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Increased levels of SPARC (osteonectin) in human breast cancer tissues and its association with clinical outcomes.

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1
Metastasis & Angiogenesis Research Group, University Department of Surgery, Wales College of Medicine, Cardiff University, Heath Park, Cardiff CF14 4XN, UK.

Abstract

SPARC (secreted protein acidic and rich in cystein), also known as osteonectin and BM40, is a 32 kDa secreted glycoprotein that interacts with extracellular matrix (ECM) proteins to promote adhesion of cells from the matrix, thereby inducing a biological state conducive to cell migration. SPARC is also thought to play an important role in tissue remodelling, angiogenesis, embryonic development and tumourigenesis. The current study set out to examine both the transcript levels of SPARC and the presence of the molecule in breast cancer tissue and to demonstrate if a link existed between the levels of SPARC and the clinical outcome. Breast tumour tissues (n=120) and non-neoplastic mammary tissues (n=32) were studied. Protein levels of SPARC were assessed using immunohistochemistry. Transcript levels of SPARC were analysed using RT-PCR. The levels were correlated with nodal status, grade, prognosis and long-term survival (10 years). Transcript levels of SPARC were found to be significantly higher in tumour tissue when compared to normal background breast tissue. This fact was mirrored when comparing levels of SPARC in ductal tumours with levels in lobular and other types of tumour. A high level of SPARC was also found in Grade 3 and TNM2 and TNM4 tumours. Node-positive tumours also exhibited higher levels of SPARC than node-negative tumours . It was also noted that SPARC was present in high levels in NPI 2 and NPI 3 tumours. Over a 6 year follow-up, high levels of SPARC was seen to be significantly associated with the overall survival of the patients (P=0.0198). However, there was no significant correlation with disease-free survival. It is concluded that SPARC plays a crucial role in tumour development in breast cancer and as such has a significant bearing on patient prognosis and long-term survival.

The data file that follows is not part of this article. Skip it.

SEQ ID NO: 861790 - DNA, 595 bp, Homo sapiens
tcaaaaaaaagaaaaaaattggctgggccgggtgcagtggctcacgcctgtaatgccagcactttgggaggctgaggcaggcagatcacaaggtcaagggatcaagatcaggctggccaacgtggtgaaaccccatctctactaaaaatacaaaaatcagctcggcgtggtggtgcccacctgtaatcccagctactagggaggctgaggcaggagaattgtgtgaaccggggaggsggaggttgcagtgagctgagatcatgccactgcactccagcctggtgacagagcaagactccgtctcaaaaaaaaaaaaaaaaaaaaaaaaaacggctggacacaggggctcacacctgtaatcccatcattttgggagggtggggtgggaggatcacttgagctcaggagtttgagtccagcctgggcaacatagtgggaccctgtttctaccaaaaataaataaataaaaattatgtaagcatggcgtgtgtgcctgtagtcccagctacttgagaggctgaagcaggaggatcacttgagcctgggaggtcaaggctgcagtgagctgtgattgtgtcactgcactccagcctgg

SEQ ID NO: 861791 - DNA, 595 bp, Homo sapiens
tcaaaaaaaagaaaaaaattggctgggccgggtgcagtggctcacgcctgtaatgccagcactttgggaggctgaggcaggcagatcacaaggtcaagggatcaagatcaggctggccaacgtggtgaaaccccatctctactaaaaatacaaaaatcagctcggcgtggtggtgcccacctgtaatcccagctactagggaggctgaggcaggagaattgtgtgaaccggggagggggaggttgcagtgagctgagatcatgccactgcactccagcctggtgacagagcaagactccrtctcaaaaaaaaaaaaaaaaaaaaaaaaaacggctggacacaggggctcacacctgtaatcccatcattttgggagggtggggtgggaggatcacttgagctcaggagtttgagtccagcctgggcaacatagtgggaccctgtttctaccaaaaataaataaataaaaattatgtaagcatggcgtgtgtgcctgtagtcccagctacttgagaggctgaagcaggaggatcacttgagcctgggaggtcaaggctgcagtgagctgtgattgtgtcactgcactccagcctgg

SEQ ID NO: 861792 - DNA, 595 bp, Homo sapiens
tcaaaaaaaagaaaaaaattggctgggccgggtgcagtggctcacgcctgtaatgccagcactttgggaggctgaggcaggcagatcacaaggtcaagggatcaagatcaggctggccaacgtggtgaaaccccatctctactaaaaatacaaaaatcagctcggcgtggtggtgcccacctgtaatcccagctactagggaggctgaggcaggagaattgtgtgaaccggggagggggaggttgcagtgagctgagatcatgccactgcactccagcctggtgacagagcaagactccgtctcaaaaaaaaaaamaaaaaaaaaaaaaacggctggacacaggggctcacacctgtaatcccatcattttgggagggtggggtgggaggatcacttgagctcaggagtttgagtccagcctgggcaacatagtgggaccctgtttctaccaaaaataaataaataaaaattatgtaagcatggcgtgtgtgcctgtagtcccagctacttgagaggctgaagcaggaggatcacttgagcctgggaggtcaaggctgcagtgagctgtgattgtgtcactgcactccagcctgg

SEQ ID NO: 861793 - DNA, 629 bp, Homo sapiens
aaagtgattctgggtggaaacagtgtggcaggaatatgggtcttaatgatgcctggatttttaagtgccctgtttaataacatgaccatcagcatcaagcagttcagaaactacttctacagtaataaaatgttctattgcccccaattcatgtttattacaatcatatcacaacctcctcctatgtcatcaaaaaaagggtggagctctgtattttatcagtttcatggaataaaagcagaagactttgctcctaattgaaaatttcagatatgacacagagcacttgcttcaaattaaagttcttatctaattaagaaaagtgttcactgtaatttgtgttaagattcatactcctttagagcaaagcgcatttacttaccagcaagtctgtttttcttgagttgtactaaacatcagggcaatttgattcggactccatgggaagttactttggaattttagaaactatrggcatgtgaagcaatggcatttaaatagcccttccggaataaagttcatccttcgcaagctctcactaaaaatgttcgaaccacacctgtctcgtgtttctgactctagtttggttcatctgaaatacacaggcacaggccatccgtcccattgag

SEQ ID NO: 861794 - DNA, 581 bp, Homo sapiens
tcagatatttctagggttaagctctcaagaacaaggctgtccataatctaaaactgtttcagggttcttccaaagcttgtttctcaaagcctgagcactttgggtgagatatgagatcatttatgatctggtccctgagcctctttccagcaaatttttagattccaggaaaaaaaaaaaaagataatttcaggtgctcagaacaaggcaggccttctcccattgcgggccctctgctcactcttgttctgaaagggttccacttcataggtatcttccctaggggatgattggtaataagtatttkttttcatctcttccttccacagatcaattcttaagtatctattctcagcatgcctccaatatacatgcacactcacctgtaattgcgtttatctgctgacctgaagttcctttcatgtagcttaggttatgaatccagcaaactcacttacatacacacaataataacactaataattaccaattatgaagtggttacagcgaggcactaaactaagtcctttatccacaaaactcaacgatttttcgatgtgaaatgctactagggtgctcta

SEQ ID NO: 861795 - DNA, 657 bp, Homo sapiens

PMID:
15763438
DOI:
10.1016/j.plefa.2004.12.003
[Indexed for MEDLINE]

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